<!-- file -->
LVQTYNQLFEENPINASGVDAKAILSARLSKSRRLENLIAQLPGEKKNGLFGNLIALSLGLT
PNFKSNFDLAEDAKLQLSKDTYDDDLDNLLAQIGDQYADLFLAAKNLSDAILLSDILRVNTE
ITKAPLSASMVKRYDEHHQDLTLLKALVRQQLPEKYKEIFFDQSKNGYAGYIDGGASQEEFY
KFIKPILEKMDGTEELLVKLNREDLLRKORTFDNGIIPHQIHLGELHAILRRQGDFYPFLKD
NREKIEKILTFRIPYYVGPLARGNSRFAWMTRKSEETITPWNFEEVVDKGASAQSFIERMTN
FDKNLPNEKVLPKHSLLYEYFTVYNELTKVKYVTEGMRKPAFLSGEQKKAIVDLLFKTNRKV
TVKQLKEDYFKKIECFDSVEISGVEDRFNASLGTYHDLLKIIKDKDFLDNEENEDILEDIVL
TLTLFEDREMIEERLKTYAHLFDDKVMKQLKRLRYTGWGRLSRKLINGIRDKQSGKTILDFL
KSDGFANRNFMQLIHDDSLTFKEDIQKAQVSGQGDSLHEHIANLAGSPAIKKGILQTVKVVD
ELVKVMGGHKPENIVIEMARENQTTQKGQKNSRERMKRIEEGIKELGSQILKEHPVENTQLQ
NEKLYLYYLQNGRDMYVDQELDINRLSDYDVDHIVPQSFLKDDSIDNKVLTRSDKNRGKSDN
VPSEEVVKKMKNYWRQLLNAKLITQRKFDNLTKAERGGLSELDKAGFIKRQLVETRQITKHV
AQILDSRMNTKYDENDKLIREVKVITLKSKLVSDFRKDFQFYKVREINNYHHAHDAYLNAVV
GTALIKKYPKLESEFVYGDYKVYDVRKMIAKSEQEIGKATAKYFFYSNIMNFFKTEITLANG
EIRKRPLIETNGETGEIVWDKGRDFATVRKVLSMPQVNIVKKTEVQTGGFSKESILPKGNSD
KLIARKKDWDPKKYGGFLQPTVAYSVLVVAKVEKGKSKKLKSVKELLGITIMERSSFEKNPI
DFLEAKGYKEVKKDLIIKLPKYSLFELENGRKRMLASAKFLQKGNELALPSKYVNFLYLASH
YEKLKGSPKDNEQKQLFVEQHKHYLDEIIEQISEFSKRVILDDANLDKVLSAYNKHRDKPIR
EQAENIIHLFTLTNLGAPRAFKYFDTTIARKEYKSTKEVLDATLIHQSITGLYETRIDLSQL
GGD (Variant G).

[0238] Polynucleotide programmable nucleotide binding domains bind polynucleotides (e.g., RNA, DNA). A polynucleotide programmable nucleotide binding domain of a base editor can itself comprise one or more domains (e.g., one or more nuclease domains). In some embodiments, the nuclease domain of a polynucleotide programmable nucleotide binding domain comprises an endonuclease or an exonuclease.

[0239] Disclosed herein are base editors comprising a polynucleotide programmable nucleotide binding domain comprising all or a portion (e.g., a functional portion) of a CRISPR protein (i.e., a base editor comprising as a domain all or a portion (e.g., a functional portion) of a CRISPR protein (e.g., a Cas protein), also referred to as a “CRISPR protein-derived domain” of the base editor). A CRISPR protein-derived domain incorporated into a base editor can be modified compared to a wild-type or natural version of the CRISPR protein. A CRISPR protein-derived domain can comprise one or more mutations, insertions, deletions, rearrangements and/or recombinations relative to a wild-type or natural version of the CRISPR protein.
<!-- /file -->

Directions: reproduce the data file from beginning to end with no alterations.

LVQTYNQLFEENPINASGVDAKAILSARLSKSRRLENLIAQLPGEKKNGLFGNLIALSLGLT
PNFKSNFDLAEDAKLQLSKDTYDDDLDNLLAQIGDQYADLFLAAKNLSDAILLSDILRVNTE
ITKAPLSASMVKRYDEHHQDLTLLKALVRQQLPEKYKEIFFDQSKNGYAGYIDGGASQEEFY
KFIKPILEKMDGTEELLVKLNREDLLRKORTFDNGIIPHQIHLGELHAILRRQGDFYPFLKD
NREKIEKILTFRIPYYVGPLARGNSRFAWMTRKSEETITPWNFEEVVDKGASAQSFIERMTN
FDKNLPNEKVLPKHSLLYEYFTVYNELTKVKYVTEGMRKPAFLSGEQKKAIVDLLFKTNRKV
TVKQLKEDYFKKIECFDSVEISGVEDRFNASLGTYHDLLKIIKDKDFLDNEENEDILEDIVL
TLTLFEDREMIEERLKTYAHLFDDKVMKQLKRLRYTGWGRLSRKLINGIRDKQSGKTILDFL
KSDGFANRNFMQLIHDDSLTFKEDIQKAQVSGQGDSLHEHIANLAGSPAIKKGILQTVKVVD
ELVKVMGGHKPENIVIEMARENQTTQKGQKNSRERMKRIEEGIKELGSQILKEHPVENTQLQ
NEKLYLYYLQNGRDMYVDQELDINRLSDYDVDHIVPQSFLKDDSIDNKVLTRSDKNRGKSDN
VPSEEVVKKMKNYWRQLLNAKLITQRKFDNLTKAERGGLSELDKAGFIKRQLVETRQITKHV
AQILDSRMNTKYDENDKLIREVKVITLKSKLVSDFRKDFQFYKVREINNYHHAHDAYLNAVV
GTALIKKYPKLESEFVYGDYKVYDVRKMIAKSEQEIGKATAKYFFYSNIMNFFKTEITLANG
EIRKRPLIETNGETGEIVWDKGRDFATVRKVLSMPQVNIVKKTEVQTGGFSKESILPKGNSD
KLIARKKDWDPKKYGGFLQPTVAYSVLVVAKVEKGKSKKLKSVKELLGITIMERSSFEKNPI
DFLEAKGYKEVKKDLIIKLPKYSLFELENGRKRMLASAKFLQKGNELALPSKYVNFLYLASH
YEKLKGSPKDNEQKQLFVEQHKHYLDEIIEQISEFSKRVILDDANLDKVLSAYNKHRDKPIR
EQAENIIHLFTLTNLGAPRAFKYFDTTIARKEYKSTKEVLDATLIHQSITGLYETRIDLSQL
GGD (Variant G).

[0238] Polynucleotide programmable nucleotide binding domains bind polynucleotides (e.g., RNA, DNA). A polynucleotide programmable nucleotide binding domain of a base editor can itself comprise one or more domains (e.g., one or more nuclease domains). In some embodiments, the nuclease domain of a polynucleotide programmable nucleotide binding domain comprises an endonuclease or an exonuclease.

[0239] Disclosed herein are base editors comprising a polynucleotide programmable nucleotide binding domain comprising all or a portion (e.g., a functional portion) of a CRISPR protein (i.e., a base editor comprising as a domain all or a portion (e.g., a functional portion) of a CRISPR protein (e.g., a Cas protein), also referred to as a “CRISPR protein-derived domain” of the base editor). A CRISPR protein-derived domain incorporated into a base editor can be modified compared to a wild-type or natural version of the CRISPR protein. A CRISPR protein-derived domain can comprise one or more mutations, insertions, deletions, rearrangements and/or recombinations relative to a wild-type or natural version of the CRISPR protein.